Minimizing information disclosure to third parties in social login platforms

Kontaxis, Georgios; Polychronakis, Michalis; Markatos, Evangelos
October 2012
International Journal of Information Security;Oct2012, Vol. 11 Issue 5, p321
Academic Journal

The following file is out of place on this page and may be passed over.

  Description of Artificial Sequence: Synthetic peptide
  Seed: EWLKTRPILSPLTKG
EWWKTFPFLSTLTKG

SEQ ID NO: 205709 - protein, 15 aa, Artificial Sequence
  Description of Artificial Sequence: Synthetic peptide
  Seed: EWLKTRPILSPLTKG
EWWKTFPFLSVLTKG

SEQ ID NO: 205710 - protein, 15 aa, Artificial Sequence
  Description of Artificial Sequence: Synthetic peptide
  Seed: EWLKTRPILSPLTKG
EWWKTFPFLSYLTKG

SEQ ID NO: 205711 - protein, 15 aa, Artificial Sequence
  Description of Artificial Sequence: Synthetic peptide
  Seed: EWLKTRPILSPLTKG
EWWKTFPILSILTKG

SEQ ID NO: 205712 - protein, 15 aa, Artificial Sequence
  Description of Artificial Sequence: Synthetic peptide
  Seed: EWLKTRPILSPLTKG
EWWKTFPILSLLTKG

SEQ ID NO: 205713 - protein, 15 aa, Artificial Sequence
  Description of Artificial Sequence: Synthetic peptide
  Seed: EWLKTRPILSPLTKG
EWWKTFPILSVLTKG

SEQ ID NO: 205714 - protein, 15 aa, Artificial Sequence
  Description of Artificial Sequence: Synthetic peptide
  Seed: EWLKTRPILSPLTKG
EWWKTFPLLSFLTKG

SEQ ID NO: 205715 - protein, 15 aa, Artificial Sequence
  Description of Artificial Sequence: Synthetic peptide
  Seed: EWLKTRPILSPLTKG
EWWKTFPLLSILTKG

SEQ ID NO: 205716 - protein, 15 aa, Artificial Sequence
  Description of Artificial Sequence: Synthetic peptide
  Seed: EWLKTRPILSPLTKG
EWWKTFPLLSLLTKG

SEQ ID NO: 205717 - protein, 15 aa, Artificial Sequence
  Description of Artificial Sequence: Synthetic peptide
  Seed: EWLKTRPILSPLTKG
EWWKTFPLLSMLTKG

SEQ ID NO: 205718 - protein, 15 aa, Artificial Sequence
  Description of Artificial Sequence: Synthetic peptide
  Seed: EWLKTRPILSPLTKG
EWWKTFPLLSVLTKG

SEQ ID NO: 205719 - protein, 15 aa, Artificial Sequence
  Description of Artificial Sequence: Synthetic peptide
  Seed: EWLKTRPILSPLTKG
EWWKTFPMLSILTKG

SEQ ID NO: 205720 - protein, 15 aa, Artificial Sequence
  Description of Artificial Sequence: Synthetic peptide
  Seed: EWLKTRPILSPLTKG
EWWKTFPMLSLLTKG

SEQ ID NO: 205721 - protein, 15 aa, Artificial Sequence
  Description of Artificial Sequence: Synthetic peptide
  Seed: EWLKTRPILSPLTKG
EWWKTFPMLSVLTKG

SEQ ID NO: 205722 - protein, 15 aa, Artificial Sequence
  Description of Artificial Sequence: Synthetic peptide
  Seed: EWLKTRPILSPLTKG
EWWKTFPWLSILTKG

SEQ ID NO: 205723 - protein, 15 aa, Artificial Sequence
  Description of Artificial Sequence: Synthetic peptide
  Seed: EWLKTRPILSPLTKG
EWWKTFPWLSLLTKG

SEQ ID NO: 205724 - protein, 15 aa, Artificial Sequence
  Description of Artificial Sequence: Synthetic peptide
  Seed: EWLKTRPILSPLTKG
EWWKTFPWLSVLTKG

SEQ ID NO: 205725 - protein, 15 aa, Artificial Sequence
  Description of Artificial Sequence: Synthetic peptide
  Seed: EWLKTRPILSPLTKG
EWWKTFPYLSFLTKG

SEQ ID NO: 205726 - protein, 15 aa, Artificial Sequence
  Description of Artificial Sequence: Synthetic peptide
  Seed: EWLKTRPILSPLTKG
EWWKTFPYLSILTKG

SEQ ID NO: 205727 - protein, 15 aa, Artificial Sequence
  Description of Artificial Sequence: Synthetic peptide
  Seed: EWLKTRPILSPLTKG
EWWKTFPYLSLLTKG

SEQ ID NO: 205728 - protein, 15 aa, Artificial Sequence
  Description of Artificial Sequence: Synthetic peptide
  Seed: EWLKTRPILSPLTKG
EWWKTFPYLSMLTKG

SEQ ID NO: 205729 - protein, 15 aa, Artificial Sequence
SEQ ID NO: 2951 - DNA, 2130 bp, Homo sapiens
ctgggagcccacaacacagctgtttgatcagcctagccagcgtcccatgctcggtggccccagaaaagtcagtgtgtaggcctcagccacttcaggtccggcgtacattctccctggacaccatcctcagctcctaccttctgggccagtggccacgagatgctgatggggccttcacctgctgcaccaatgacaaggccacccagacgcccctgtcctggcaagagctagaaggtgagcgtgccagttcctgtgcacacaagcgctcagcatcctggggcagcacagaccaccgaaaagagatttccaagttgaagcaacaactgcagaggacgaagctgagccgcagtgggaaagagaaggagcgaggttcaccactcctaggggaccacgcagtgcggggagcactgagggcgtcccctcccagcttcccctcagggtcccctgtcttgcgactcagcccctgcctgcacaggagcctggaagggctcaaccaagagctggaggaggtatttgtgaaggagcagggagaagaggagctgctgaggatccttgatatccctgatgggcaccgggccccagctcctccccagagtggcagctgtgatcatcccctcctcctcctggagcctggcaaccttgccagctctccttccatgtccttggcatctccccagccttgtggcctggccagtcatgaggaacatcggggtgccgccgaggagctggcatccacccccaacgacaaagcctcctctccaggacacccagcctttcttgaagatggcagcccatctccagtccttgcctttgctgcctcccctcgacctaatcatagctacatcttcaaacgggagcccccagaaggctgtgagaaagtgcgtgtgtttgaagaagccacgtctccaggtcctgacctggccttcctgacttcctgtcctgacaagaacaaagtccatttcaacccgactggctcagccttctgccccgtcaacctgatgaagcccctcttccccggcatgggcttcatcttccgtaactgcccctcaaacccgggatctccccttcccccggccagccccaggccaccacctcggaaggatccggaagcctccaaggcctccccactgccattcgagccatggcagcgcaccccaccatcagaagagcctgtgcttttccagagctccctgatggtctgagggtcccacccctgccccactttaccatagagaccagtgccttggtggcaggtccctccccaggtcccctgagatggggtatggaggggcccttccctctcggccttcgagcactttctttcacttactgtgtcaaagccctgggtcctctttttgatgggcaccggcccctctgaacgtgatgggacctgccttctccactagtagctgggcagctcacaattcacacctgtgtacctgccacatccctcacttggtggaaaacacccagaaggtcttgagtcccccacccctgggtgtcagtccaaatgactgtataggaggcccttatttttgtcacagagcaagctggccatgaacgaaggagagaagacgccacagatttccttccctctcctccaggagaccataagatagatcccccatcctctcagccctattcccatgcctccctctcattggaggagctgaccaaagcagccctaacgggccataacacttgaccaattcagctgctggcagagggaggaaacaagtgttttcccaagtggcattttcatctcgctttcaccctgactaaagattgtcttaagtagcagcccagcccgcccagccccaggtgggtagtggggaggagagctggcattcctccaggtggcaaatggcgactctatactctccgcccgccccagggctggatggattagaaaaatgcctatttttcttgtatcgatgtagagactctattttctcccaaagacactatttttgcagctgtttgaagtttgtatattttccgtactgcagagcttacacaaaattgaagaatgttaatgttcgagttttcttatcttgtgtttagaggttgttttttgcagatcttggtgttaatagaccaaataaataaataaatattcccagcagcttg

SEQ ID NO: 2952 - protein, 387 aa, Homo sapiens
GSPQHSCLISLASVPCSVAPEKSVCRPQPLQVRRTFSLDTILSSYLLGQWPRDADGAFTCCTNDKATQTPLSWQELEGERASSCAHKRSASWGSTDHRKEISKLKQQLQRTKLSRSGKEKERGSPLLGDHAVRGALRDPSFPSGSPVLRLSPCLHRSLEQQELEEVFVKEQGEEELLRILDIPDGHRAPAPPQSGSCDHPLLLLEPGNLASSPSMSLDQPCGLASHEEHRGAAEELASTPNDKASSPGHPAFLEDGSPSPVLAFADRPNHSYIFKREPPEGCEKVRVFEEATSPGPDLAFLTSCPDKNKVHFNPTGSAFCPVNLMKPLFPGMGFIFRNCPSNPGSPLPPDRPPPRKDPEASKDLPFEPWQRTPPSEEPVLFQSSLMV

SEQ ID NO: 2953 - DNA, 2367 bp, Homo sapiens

Over the past few years, a large and ever increasing number of Web sites have incorporated one or more social login platforms and have encouraged users to log in with their Facebook, Twitter, Google, or other social networking identities. Research results suggest that more than two million Web sites have already adopted Facebook's social login platform, and the number is increasing sharply. Although one might theoretically refrain from such social login features and cross-site interactions, usage statistics show that more than 250 million people might not fully realize the privacy implications of opting-in. To make matters worse, certain Web sites do not offer even the minimum of their functionality unless users meet their demands for information and social interaction. At the same time, in a large number of cases, it is unclear why these sites require all that personal information for their purposes. In this paper, we mitigate this problem by designing and developing a framework for minimum information disclosure in social login interactions with third-party sites. Our example case is Facebook, which combines a very popular single sign-on platform with information-rich social networking profiles. Whenever users want to browse to a Web site that requires authentication or social interaction using a Facebook identity, our system employs, by default, a Facebook session that reveals the minimum amount of information necessary. Users have the option to explicitly elevate that Facebook session in a manner that reveals more or all of the information tied to their social identity. This enables users to disclose the minimum possible amount of personal information during their browsing experience on third-party Web sites.


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